probably find Sisler holding down one
of the garden jobs.
COMMERCE CLUB MAKES PLANS +
FOR EMPLOYING OF GRADUATES
To ]Keep in Touch with Business Firms
and Aims to Secure Positions
Work in the employment bureau ofl
the Commerce club, is assuming shape
under the direction of Rudolf J. Hoff-1
man, '15, who is chairman of the bu-
reau for this year. By keeping in
touch with various business houses,1
the bureau is able to secure positions
for graduating seniors, who have tak-
en courses in the economics depart-
Mr. W. I. Atwater, former'member of
this club, visited the department last'
Friday, while in the city on his way
from New York City to Omaha, Ne-
braska, where he is going to carry on
an audit for the American Telephone+
and Telegraph company. Mr. Atwater+
received his position through recom-+
mendations of the employment agency
connected with the Commerce club last
X business meeting of the commerce
club will be held on next Wednesday
night for the purpose of voting on new
members for the club. The initiation'
banquet will be held in about three1
weeks, when the new members will be+
taken in. The club is trying to obtain
several prominent business men of;
Detroit to speak at this banquet, butI
up to date, it is not definitely known
who will speak.
course in highway engineering gained
impetus to such an extent as to pre-
dict total success for the venture. The
attendance increased considerably and
interest was augmented in a like de-
The subject under discussion was
"Stone and Gravel Roads in Michigan."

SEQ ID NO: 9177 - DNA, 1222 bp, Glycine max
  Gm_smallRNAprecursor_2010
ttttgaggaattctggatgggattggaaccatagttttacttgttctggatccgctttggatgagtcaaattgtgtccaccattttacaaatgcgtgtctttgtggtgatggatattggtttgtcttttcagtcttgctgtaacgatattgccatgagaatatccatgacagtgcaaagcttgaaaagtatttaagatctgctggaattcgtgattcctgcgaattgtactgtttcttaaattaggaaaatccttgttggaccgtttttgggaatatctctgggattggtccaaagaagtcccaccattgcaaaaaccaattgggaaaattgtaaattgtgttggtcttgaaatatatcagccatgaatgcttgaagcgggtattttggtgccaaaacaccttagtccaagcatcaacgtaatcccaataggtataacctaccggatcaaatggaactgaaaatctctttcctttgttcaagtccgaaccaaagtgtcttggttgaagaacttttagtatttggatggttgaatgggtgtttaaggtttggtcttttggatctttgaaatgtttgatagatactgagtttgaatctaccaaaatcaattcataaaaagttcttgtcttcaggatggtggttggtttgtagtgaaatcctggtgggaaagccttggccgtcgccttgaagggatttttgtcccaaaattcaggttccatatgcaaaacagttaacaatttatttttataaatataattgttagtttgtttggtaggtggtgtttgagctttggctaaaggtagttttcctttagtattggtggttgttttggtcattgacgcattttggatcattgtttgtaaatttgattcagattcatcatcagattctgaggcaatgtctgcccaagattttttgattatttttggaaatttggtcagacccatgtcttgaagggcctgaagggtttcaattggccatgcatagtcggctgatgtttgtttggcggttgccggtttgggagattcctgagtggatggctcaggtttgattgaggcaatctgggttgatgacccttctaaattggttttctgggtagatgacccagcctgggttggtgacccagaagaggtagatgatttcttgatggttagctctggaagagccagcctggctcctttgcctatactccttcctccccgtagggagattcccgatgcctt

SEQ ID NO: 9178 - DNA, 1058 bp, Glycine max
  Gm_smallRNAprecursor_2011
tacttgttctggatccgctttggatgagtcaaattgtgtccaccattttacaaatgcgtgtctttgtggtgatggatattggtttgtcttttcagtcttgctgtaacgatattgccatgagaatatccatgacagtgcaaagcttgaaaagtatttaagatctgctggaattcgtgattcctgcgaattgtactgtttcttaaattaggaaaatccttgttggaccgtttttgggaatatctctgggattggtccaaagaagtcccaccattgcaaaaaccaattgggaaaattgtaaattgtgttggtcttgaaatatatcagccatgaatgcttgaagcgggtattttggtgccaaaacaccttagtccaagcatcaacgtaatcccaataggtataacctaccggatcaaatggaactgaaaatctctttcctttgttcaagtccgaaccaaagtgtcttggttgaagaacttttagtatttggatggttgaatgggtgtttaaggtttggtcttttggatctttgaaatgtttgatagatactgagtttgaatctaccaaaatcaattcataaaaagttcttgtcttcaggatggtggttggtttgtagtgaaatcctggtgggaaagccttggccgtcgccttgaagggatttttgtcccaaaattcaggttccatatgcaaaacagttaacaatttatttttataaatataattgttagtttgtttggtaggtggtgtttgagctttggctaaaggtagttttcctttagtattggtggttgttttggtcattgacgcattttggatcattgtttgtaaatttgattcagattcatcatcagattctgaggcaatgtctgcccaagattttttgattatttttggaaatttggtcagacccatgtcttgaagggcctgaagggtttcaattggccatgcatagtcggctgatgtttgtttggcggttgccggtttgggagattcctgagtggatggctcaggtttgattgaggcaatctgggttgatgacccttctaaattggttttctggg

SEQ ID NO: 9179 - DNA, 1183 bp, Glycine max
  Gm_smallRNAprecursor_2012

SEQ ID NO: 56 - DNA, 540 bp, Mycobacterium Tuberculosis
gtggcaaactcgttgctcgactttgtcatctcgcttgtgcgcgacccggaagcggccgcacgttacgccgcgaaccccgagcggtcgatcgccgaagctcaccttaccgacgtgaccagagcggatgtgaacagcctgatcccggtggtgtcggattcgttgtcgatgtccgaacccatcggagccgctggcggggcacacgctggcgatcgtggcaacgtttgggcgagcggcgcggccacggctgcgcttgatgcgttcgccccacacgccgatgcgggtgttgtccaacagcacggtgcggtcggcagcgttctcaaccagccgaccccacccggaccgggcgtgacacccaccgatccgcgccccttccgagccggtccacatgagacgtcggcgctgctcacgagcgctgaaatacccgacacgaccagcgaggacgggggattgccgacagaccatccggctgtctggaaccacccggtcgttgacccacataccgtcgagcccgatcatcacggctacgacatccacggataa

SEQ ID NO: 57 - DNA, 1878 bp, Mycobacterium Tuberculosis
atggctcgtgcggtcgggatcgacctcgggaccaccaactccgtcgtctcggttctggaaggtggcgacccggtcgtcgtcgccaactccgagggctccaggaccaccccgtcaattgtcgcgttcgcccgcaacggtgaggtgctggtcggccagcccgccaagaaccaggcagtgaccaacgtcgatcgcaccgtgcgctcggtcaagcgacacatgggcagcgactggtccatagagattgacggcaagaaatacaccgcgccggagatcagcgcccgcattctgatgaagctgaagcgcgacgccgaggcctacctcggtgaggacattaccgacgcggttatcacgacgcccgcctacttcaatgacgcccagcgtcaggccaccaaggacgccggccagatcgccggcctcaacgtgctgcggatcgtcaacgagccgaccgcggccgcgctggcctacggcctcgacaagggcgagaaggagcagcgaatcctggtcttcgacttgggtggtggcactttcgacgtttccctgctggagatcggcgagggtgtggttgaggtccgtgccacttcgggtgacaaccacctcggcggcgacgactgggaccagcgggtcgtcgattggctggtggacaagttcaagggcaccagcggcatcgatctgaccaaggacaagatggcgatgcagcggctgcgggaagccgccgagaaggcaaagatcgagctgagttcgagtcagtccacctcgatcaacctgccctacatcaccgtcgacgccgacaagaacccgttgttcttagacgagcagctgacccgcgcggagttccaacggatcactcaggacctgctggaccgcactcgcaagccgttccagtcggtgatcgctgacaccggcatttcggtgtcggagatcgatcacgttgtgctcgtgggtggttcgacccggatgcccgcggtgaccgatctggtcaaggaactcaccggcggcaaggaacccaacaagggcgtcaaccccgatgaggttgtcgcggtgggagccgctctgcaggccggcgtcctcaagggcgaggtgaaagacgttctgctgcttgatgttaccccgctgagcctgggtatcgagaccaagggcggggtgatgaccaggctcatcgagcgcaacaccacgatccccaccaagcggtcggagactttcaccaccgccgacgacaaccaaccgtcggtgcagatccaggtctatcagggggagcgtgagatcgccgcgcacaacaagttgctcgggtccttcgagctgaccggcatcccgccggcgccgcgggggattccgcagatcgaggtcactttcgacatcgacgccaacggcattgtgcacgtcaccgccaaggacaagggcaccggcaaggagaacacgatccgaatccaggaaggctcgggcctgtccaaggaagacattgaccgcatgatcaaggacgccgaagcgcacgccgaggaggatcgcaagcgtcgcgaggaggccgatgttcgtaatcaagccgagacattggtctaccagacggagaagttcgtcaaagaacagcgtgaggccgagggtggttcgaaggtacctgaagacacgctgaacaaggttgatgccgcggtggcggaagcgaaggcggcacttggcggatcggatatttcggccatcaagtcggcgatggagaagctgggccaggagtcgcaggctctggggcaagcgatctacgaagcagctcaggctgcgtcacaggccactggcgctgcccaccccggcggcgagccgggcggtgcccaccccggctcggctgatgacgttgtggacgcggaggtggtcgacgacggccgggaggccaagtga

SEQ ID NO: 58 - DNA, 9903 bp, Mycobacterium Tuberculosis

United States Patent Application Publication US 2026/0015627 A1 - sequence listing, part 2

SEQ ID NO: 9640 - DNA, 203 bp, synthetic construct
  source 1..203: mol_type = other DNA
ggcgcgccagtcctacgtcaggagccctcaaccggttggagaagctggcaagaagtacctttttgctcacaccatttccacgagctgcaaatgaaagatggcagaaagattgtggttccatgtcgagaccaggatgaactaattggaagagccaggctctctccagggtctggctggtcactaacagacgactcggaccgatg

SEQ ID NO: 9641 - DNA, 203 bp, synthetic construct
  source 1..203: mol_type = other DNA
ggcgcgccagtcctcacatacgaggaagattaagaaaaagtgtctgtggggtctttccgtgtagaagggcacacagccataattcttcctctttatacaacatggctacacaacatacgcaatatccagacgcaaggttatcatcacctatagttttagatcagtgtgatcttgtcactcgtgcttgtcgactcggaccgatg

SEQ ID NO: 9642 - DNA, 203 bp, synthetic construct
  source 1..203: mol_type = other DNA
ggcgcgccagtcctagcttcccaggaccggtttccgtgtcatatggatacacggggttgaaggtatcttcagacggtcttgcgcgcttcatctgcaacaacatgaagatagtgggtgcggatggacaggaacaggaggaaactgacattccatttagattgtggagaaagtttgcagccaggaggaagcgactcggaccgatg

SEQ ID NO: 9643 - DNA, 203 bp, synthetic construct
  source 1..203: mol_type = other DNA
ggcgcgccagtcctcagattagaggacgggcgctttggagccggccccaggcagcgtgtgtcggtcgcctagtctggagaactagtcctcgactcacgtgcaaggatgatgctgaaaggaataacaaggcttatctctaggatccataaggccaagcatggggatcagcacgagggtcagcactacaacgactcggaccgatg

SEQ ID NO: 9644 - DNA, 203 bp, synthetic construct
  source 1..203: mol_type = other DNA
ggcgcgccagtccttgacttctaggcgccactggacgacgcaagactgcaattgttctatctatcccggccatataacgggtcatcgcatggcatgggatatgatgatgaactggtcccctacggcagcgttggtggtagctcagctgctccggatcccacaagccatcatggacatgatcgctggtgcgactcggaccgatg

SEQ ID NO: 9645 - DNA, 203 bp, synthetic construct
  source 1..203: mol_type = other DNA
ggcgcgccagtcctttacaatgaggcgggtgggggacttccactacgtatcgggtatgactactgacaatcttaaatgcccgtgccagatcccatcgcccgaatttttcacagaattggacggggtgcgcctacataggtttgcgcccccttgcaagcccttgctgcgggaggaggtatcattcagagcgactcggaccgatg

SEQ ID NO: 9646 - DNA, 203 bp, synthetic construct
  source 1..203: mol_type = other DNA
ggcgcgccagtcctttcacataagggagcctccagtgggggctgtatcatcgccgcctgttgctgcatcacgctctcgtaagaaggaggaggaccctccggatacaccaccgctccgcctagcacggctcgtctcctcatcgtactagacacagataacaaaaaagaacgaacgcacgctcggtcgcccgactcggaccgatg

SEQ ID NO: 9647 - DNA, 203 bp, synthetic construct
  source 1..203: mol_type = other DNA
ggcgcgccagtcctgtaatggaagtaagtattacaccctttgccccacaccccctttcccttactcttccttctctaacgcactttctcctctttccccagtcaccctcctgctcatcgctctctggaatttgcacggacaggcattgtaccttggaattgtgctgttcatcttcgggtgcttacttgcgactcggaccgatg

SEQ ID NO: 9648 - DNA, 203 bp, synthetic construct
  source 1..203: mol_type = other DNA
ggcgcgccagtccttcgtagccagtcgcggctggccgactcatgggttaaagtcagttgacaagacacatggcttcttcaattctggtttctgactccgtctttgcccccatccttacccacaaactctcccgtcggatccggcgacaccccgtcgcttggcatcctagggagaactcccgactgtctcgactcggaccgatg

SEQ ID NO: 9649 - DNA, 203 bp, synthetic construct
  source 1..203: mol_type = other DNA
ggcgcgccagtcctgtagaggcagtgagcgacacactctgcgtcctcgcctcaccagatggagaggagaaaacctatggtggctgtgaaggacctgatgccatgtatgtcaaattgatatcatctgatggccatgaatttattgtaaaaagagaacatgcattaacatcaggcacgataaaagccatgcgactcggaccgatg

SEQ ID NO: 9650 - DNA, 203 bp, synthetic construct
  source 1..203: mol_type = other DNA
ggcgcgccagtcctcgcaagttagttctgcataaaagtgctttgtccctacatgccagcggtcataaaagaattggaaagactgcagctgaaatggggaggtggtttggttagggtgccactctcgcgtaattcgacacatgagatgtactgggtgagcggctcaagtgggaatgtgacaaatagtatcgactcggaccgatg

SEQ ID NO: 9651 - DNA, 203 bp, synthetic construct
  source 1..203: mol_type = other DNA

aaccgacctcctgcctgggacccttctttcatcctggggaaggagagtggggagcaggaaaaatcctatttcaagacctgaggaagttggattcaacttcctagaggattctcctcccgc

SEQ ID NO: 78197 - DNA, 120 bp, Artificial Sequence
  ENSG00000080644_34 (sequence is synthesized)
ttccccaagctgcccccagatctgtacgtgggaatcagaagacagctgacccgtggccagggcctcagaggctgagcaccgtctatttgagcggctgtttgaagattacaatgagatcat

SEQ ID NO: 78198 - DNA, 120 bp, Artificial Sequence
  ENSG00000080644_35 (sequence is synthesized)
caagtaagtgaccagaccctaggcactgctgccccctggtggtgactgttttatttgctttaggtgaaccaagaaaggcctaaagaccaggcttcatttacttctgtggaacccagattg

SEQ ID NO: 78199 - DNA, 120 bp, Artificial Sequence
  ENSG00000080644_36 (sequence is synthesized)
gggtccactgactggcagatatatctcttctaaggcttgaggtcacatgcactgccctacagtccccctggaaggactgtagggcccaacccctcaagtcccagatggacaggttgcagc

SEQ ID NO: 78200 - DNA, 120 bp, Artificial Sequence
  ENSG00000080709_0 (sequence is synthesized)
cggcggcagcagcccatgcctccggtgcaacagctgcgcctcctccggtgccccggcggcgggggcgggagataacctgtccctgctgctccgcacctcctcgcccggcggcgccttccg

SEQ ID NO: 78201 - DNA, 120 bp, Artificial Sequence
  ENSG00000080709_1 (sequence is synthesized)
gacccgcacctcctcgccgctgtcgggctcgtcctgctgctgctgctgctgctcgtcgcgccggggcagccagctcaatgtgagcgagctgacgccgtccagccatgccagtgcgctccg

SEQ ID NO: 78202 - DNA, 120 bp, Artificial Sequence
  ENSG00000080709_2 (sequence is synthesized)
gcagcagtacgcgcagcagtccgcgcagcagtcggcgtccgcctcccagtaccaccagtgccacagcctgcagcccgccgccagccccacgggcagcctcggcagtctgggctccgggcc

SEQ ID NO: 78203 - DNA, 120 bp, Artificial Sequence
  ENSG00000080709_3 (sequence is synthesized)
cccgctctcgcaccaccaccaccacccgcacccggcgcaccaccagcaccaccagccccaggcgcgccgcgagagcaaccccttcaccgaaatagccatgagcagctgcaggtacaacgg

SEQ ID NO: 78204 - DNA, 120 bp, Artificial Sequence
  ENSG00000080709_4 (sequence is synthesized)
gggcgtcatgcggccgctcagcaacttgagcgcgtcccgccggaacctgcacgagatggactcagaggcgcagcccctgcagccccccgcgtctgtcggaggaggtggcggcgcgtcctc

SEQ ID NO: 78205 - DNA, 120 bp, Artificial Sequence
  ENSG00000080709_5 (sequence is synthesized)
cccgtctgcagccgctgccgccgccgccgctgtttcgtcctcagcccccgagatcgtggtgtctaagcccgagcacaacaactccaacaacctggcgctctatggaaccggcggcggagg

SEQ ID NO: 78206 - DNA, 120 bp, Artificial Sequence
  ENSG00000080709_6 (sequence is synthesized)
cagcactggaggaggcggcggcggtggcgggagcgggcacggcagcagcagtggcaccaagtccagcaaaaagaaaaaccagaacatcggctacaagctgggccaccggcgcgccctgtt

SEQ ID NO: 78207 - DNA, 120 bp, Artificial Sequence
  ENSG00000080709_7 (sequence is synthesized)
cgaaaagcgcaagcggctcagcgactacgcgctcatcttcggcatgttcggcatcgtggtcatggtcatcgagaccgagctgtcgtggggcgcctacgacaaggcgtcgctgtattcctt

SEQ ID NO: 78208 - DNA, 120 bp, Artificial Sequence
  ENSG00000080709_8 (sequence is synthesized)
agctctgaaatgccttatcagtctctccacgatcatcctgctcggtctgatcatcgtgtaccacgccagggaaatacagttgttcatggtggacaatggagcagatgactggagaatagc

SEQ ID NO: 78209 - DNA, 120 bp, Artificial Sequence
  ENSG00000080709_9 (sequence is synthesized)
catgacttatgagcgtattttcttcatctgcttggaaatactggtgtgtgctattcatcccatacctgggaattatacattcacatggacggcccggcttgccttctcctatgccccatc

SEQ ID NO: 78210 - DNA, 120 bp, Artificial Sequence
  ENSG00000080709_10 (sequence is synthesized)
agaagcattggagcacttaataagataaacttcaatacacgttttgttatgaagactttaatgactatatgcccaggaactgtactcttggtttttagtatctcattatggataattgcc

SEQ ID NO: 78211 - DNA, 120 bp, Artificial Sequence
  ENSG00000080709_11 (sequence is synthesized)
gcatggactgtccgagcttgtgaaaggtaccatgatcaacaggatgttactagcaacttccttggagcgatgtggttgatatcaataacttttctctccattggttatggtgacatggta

Frank F. Rogers, state highway com-
misisoner on "Contract Labor vs. Day
Labor in Road Construction in Michi-
gan." Prof. H. E. Riggs read a paper
on "Specifications and Contracts."
The lecture was given by Prevost Hub-
bard, chief of division of roads and
pavements, of the Institute of Indus-
trial Research, Washington, D. C.
"Miscellaneous Roads in Michigan,"
is the subject of today's discussions.
The first paper of the session to be de-
livered in the morning is that of Prof.
Ira O. Baker, of the civil engineering
department of the University of Illi-
nois. A discussion on the subject,
"The Economic Use of Road Machin-
ery," will be held at 1:00 o'clock. O.
L. Grover, chief bridge engineer of the
United States Office of Public Roads,
W7ashington, D. C., will read a paper at
3:00 o'clock, on "Highway Bridges."
This paper will be followed by a
general discussion on the same sub-
ject, to be led by C. V. Dewart, bridge
engineer of the state highway depart-
ment. The lecture in the evening will
be given by W. W. Crosby,. consulting
engineer, Baltimore, Maryland. His
subject is "The Value of Traffic Cen-
sus." The course continues through-
out the remainder of the week.
HALF-MILE MEN BUSY AT GYM